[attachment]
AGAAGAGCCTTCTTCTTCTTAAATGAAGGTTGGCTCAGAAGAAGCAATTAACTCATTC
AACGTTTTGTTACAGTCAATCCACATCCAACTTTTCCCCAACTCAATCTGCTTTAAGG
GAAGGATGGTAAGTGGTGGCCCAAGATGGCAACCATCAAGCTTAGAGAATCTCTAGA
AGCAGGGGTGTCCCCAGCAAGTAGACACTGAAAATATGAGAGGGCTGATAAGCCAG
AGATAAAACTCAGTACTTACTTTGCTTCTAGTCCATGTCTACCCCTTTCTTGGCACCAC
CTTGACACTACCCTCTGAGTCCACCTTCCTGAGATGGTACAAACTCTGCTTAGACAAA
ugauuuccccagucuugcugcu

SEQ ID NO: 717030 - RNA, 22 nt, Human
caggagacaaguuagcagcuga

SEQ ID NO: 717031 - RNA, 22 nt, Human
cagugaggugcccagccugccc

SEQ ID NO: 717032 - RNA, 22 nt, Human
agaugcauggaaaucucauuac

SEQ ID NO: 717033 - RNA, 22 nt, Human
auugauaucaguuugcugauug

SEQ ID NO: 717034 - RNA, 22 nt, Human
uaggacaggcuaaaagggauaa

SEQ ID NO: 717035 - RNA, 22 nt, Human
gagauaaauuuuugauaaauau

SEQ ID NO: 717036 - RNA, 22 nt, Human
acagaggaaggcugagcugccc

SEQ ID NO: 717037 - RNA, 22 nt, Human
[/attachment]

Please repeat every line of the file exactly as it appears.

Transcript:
AGAAGAGCCTTCTTCTTCTTAAATGAAGGTTGGCTCAGAAGAAGCAATTAACTCATTC
AACGTTTTGTTACAGTCAATCCACATCCAACTTTTCCCCAACTCAATCTGCTTTAAGG
GAAGGATGGTAAGTGGTGGCCCAAGATGGCAACCATCAAGCTTAGAGAATCTCTAGA
AGCAGGGGTGTCCCCAGCAAGTAGACACTGAAAATATGAGAGGGCTGATAAGCCAG
AGATAAAACTCAGTACTTACTTTGCTTCTAGTCCATGTCTACCCCTTTCTTGGCACCAC
CTTGACACTACCCTCTGAGTCCACCTTCCTGAGATGGTACAAACTCTGCTTAGACAAA
ugauuuccccagucuugcugcu

SEQ ID NO: 717030 - RNA, 22 nt, Human
caggagacaaguuagcagcuga

SEQ ID NO: 717031 - RNA, 22 nt, Human
cagugaggugcccagccugccc

SEQ ID NO: 717032 - RNA, 22 nt, Human
agaugcauggaaaucucauuac

SEQ ID NO: 717033 - RNA, 22 nt, Human
auugauaucaguuugcugauug

SEQ ID NO: 717034 - RNA, 22 nt, Human
uaggacaggcuaaaagggauaa

SEQ ID NO: 717035 - RNA, 22 nt, Human
gagauaaauuuuugauaaauau

SEQ ID NO: 717036 - RNA, 22 nt, Human
acagaggaaggcugagcugccc

SEQ ID NO: 717037 - RNA, 22 nt, Human